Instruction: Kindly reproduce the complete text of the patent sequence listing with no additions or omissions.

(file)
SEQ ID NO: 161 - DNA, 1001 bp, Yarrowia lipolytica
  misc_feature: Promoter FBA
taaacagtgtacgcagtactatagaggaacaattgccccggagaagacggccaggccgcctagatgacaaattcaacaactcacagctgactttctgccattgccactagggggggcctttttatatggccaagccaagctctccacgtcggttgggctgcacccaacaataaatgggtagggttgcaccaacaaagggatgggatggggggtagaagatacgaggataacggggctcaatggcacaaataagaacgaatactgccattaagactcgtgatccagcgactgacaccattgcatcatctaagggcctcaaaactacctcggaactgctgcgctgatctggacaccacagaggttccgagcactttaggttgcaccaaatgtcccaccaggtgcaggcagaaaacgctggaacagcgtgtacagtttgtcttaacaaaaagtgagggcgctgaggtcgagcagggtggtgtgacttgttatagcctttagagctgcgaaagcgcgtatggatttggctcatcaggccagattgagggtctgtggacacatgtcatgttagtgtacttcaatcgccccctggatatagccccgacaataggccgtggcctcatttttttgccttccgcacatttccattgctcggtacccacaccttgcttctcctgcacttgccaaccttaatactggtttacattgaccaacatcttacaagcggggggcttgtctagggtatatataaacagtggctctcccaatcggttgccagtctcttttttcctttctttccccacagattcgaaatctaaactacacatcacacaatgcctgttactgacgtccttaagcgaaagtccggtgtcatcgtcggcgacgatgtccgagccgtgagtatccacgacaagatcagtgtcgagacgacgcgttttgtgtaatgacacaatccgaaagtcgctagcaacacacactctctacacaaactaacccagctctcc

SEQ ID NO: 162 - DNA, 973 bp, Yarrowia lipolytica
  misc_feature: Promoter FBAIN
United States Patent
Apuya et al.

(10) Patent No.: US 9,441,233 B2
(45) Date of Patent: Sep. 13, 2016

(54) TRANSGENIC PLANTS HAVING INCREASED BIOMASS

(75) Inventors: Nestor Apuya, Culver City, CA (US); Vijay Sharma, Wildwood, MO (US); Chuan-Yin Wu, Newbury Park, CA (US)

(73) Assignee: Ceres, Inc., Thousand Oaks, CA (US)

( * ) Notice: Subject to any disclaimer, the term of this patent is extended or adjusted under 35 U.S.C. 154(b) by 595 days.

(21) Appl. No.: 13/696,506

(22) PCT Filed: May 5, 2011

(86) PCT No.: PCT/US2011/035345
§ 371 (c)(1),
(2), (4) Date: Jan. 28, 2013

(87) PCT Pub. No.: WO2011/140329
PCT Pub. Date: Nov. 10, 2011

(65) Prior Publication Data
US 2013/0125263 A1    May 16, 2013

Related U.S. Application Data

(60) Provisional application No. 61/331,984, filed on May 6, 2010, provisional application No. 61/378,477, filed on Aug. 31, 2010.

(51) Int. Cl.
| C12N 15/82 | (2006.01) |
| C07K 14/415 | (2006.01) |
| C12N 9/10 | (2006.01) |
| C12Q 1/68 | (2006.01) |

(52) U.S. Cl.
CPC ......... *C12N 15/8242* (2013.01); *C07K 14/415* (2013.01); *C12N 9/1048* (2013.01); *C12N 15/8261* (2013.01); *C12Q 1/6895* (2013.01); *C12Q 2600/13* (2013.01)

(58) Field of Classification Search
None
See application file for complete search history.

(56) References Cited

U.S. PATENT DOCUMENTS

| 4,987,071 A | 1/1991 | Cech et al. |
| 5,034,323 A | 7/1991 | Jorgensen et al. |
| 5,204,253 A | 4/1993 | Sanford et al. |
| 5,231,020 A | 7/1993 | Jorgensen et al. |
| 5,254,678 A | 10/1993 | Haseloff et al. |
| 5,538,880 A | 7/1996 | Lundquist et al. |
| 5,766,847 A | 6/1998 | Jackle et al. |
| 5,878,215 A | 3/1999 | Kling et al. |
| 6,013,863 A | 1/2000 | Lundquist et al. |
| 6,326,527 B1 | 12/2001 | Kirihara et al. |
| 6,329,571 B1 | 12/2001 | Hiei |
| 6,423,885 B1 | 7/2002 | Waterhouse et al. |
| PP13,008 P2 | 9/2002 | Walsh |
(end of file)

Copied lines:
SEQ ID NO: 161 - DNA, 1001 bp, Yarrowia lipolytica
  misc_feature: Promoter FBA
taaacagtgtacgcagtactatagaggaacaattgccccggagaagacggccaggccgcctagatgacaaattcaacaactcacagctgactttctgccattgccactagggggggcctttttatatggccaagccaagctctccacgtcggttgggctgcacccaacaataaatgggtagggttgcaccaacaaagggatgggatggggggtagaagatacgaggataacggggctcaatggcacaaataagaacgaatactgccattaagactcgtgatccagcgactgacaccattgcatcatctaagggcctcaaaactacctcggaactgctgcgctgatctggacaccacagaggttccgagcactttaggttgcaccaaatgtcccaccaggtgcaggcagaaaacgctggaacagcgtgtacagtttgtcttaacaaaaagtgagggcgctgaggtcgagcagggtggtgtgacttgttatagcctttagagctgcgaaagcgcgtatggatttggctcatcaggccagattgagggtctgtggacacatgtcatgttagtgtacttcaatcgccccctggatatagccccgacaataggccgtggcctcatttttttgccttccgcacatttccattgctcggtacccacaccttgcttctcctgcacttgccaaccttaatactggtttacattgaccaacatcttacaagcggggggcttgtctagggtatatataaacagtggctctcccaatcggttgccagtctcttttttcctttctttccccacagattcgaaatctaaactacacatcacacaatgcctgttactgacgtccttaagcgaaagtccggtgtcatcgtcggcgacgatgtccgagccgtgagtatccacgacaagatcagtgtcgagacgacgcgttttgtgtaatgacacaatccgaaagtcgctagcaacacacactctctacacaaactaacccagctctcc

SEQ ID NO: 162 - DNA, 973 bp, Yarrowia lipolytica
  misc_feature: Promoter FBAIN
United States Patent
Apuya et al.

(10) Patent No.: US 9,441,233 B2
(45) Date of Patent: Sep. 13, 2016

(54) TRANSGENIC PLANTS HAVING INCREASED BIOMASS

(75) Inventors: Nestor Apuya, Culver City, CA (US); Vijay Sharma, Wildwood, MO (US); Chuan-Yin Wu, Newbury Park, CA (US)

(73) Assignee: Ceres, Inc., Thousand Oaks, CA (US)

( * ) Notice: Subject to any disclaimer, the term of this patent is extended or adjusted under 35 U.S.C. 154(b) by 595 days.

(21) Appl. No.: 13/696,506

(22) PCT Filed: May 5, 2011

(86) PCT No.: PCT/US2011/035345
§ 371 (c)(1),
(2), (4) Date: Jan. 28, 2013

(87) PCT Pub. No.: WO2011/140329
PCT Pub. Date: Nov. 10, 2011

(65) Prior Publication Data
US 2013/0125263 A1    May 16, 2013

Related U.S. Application Data

(60) Provisional application No. 61/331,984, filed on May 6, 2010, provisional application No. 61/378,477, filed on Aug. 31, 2010.

(51) Int. Cl.
| C12N 15/82 | (2006.01) |
| C07K 14/415 | (2006.01) |
| C12N 9/10 | (2006.01) |
| C12Q 1/68 | (2006.01) |

(52) U.S. Cl.
CPC ......... *C12N 15/8242* (2013.01); *C07K 14/415* (2013.01); *C12N 9/1048* (2013.01); *C12N 15/8261* (2013.01); *C12Q 1/6895* (2013.01); *C12Q 2600/13* (2013.01)

(58) Field of Classification Search
None
See application file for complete search history.

(56) References Cited

U.S. PATENT DOCUMENTS

| 4,987,071 A | 1/1991 | Cech et al. |
| 5,034,323 A | 7/1991 | Jorgensen et al. |
| 5,204,253 A | 4/1993 | Sanford et al. |
| 5,231,020 A | 7/1993 | Jorgensen et al. |
| 5,254,678 A | 10/1993 | Haseloff et al. |
| 5,538,880 A | 7/1996 | Lundquist et al. |
| 5,766,847 A | 6/1998 | Jackle et al. |
| 5,878,215 A | 3/1999 | Kling et al. |
| 6,013,863 A | 1/2000 | Lundquist et al. |
| 6,326,527 B1 | 12/2001 | Kirihara et al. |
| 6,329,571 B1 | 12/2001 | Hiei |
| 6,423,885 B1 | 7/2002 | Waterhouse et al. |
| PP13,008 P2 | 9/2002 | Walsh |